That’s a shame because yours truly was hoping to see an influx of economy-focused compacts that eventually made way for high-strung and performance-focused siblings. Instead, it looks like we’ll just have people blowing over 40 grand on crossover vehicles.

Though the 37 percent of people that Cox claims are getting out of the market (at least temporarily) could make the assumed price tolerances short-lived. Some people (likely yourself) are simply unwilling to live with the shame associated with paying way over sticker and, if supply issues are solved and production schedules normalize, the industry could find itself with a totally new set of problems. Though we don’t foresee anything like that happening until the end of 2021, if not substantially later.

[Image: Gretchen Gunda Enger/Shutterstock]

Matt Posky
Matt Posky

Consumer advocate tracking industry trends, regulation, and the bitter-sweet nature of modern automotive tech. Research focused and gut driven.

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  • Dantes_inferno Dantes_inferno on May 20, 2021

    Buy: None Drive: None Burn: All

  • Jeff Semenak Jeff Semenak on May 22, 2021

    We bought a 2014 Ford Flex new. that now, has 60k miles on it. Paid MSRP for 60 month/0% Financing. Payments ended 2 years ago. I expect 8-9 years more before replacement at this rate. Brakes, Tires (replaced the crappy Hankooks that wore out early) Battery twice. Phoenix is hell on Batteries. I should be shopping again around 2028, at this rate.

  • Lorenzo A union in itself doesn't mean failure, collective bargaining would mean failure.
  • Ajla Why did pedestrian fatalities hit their nadir in 2009 and overall road fatalities hit their lowest since 1949 in 2011? Sedans were more popular back then but a lot of 300hp trucks and SUVs were on the road starting around 2000. And the sedans weren't getting smaller and slower either. The correlation between the the size and power of the fleet with more road deaths seems to be a more recent occurrence.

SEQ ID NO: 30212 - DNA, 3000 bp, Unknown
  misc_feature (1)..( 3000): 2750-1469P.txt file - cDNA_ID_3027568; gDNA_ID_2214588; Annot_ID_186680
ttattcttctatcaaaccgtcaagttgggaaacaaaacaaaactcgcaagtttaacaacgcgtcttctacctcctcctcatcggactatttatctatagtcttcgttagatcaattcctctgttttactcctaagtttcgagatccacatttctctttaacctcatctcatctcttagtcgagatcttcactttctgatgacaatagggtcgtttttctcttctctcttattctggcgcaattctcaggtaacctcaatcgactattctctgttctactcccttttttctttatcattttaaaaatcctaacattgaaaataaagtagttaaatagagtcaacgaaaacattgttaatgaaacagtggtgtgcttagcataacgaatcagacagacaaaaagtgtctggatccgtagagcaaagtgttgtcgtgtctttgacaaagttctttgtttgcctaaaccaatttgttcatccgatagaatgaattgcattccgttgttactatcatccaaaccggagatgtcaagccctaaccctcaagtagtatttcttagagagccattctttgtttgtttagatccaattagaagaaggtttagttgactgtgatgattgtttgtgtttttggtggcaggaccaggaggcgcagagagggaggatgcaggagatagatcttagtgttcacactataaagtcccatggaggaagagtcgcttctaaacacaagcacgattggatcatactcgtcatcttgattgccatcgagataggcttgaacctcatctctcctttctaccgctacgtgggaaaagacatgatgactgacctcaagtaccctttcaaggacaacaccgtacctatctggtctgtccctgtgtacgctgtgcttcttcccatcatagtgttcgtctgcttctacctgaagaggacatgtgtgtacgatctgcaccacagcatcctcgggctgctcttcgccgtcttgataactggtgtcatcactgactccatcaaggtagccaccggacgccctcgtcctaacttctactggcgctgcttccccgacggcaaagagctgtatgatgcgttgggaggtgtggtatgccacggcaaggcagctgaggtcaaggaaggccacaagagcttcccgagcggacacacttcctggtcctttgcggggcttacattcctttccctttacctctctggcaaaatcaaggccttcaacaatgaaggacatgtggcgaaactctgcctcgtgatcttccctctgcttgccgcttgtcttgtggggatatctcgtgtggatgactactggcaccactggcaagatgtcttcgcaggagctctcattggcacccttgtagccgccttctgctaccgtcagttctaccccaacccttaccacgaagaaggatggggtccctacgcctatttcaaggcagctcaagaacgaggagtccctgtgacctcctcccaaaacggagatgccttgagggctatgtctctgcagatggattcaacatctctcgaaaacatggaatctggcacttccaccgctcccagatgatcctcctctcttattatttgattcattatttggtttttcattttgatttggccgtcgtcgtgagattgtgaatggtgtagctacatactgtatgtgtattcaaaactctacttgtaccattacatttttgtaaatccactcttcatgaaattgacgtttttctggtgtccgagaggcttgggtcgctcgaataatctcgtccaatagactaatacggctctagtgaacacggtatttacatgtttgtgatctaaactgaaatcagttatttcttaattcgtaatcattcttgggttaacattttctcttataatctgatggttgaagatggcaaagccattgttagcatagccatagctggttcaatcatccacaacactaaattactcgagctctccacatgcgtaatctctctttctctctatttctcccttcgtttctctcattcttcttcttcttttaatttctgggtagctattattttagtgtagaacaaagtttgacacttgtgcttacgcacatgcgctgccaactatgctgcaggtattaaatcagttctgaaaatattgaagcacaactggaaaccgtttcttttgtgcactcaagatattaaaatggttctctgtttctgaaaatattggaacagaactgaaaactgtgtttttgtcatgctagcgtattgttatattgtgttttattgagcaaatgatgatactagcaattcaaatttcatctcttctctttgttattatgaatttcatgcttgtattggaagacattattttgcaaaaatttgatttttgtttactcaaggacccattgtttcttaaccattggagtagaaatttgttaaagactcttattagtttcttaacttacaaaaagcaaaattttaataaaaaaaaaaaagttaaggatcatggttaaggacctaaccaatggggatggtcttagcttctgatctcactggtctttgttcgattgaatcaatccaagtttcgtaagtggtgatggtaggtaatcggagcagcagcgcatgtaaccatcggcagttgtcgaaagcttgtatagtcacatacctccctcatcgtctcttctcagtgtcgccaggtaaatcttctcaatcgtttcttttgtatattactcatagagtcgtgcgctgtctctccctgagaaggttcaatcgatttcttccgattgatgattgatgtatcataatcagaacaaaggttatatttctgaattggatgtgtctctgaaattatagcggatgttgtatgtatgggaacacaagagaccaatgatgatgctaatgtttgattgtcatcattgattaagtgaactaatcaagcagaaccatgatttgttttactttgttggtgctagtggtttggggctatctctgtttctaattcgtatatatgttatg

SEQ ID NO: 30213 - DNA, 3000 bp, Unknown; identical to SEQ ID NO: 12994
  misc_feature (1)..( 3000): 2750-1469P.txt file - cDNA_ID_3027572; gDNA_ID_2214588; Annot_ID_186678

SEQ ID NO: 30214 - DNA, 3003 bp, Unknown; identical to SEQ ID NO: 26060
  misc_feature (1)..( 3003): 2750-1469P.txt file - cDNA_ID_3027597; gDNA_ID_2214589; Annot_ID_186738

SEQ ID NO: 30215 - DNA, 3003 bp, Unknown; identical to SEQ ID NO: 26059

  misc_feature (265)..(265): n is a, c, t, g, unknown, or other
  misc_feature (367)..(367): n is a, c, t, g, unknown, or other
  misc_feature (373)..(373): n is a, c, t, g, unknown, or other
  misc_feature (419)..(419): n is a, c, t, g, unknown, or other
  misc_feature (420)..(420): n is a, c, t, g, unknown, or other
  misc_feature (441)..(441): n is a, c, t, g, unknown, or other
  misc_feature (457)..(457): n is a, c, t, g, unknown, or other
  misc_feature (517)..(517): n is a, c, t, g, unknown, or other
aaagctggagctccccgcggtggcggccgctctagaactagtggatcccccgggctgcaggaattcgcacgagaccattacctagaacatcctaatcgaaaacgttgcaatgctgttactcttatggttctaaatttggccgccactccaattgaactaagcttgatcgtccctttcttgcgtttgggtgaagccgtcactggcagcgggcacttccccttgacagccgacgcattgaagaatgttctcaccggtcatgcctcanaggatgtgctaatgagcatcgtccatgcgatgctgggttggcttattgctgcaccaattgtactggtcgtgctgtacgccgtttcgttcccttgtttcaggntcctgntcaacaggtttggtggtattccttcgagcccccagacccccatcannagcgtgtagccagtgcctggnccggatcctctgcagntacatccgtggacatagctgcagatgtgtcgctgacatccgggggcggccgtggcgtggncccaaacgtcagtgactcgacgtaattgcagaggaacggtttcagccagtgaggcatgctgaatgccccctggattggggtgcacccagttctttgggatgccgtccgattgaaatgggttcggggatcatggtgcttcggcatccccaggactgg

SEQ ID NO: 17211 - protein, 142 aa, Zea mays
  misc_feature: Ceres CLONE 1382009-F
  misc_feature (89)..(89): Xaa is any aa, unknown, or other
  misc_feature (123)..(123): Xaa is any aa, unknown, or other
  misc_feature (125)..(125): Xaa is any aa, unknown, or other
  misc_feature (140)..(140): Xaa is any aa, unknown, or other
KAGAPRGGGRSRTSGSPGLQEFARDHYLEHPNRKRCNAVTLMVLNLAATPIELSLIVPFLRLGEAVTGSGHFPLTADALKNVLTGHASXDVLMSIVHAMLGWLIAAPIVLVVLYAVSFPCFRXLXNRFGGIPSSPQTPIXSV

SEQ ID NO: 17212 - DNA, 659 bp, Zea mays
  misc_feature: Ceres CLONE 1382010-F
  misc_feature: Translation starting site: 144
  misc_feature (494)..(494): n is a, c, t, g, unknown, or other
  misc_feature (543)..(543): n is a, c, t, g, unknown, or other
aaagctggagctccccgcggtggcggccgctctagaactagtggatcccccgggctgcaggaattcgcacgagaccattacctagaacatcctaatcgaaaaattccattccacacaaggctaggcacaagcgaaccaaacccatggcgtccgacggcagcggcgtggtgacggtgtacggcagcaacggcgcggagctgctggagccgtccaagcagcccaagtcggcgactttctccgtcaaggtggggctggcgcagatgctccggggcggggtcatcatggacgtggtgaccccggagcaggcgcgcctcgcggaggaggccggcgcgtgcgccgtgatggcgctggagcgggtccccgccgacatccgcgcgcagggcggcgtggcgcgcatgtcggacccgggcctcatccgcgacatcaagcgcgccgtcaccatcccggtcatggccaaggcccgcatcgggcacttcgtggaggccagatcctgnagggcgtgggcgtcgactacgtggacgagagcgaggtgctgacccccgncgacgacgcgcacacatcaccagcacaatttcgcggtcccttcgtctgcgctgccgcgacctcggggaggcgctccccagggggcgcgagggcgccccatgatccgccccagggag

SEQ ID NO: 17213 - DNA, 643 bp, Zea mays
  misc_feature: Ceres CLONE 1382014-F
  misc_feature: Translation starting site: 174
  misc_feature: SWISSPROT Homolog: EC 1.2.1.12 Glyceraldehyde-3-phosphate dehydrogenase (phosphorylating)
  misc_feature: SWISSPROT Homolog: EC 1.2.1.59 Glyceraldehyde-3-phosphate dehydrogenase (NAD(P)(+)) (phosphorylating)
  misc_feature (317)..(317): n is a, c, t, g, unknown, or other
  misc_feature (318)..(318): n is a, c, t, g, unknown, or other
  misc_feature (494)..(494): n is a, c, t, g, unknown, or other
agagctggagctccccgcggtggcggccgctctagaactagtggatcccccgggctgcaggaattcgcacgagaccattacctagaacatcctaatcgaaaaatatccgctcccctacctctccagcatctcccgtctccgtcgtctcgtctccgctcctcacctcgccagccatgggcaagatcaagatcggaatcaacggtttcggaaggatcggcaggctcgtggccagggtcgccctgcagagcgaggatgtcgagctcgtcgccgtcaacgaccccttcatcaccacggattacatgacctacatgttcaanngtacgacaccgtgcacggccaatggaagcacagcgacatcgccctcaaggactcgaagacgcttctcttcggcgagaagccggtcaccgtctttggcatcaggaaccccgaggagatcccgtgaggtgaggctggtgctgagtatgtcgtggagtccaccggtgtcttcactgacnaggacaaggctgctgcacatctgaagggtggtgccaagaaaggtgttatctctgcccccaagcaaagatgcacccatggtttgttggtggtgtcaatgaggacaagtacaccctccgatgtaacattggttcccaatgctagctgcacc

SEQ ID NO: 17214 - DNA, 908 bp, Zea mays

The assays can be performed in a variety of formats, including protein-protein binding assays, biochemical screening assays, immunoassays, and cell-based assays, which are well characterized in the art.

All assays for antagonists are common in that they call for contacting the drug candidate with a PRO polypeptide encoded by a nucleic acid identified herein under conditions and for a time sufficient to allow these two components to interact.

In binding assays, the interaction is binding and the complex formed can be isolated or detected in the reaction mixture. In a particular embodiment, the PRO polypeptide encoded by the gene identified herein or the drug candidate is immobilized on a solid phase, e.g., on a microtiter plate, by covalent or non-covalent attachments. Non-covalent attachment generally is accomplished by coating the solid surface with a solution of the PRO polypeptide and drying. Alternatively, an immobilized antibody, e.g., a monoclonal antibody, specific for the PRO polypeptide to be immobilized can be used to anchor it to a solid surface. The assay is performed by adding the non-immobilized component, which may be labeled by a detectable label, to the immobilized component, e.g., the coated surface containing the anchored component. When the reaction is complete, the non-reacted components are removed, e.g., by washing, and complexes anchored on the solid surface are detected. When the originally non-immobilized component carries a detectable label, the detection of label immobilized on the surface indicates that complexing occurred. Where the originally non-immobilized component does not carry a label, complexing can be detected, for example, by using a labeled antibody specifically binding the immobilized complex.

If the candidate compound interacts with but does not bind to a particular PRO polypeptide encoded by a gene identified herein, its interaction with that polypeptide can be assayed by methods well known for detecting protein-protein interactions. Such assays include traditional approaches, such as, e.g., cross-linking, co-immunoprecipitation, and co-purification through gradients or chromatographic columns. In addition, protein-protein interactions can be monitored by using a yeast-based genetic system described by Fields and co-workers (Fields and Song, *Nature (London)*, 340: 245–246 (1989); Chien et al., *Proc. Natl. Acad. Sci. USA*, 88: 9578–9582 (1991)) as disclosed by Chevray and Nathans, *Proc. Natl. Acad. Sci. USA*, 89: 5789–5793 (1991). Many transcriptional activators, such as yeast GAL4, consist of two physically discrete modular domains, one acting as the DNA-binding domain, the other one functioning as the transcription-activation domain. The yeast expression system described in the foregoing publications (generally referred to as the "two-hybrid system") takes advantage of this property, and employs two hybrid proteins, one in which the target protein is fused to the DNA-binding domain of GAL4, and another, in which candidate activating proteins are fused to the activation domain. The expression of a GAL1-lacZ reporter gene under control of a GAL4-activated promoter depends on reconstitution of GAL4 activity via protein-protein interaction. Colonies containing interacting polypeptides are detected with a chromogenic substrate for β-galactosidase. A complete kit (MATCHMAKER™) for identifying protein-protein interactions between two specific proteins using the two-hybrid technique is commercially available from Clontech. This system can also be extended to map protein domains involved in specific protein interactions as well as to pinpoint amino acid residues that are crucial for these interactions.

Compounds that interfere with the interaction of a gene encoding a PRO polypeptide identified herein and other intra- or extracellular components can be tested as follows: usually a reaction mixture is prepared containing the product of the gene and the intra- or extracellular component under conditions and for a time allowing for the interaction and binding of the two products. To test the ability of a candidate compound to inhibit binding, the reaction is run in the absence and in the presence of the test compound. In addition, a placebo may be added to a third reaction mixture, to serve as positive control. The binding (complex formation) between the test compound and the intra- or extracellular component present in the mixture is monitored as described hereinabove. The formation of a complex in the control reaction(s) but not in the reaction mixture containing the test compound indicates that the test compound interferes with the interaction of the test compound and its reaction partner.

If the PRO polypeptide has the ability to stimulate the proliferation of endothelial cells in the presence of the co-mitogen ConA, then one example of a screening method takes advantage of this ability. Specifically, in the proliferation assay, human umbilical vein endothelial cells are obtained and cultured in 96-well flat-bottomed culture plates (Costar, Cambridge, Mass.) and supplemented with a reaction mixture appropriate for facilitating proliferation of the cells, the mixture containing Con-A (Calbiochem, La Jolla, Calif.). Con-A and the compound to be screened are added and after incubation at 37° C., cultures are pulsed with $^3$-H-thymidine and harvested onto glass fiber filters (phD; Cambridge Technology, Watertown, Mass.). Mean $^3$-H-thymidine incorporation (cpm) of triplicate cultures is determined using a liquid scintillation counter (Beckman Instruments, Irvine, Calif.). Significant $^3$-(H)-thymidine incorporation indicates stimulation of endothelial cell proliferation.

• Jeff_M It's either a three on the tree OR it's an automatic. It ain't both.
  • Lorenzo I'm all in favor of using software and automation to BUILD cars, but keep that junk off my instrument panel, especially the software enabled interactive junk. Just give me the knobs and switches so I can control the vehicle, with no interconnectivity of any kind.
  • MaintenanceCosts Modern cars detach people from their speed too much. The combination of tall ride height, super-effective sound insulation, massive power, and electronic aids makes people quite unaware of just how much kinetic energy is nominally under their control while they watch a movie on their phone with one hand and eat a Quarter Pounder with the other. I think that is the primary reason we are seeing an uptick in speed-related fatalities, especially among people NOT in cars.With that said, I don't think Americans have proven responsible enough to have unlimited speed in cars. Although I'd hate it, I still would support limiters that kick in at 10 over in the city and 20 over on the freeway, because I think they would save more than enough lives to be worth the pain.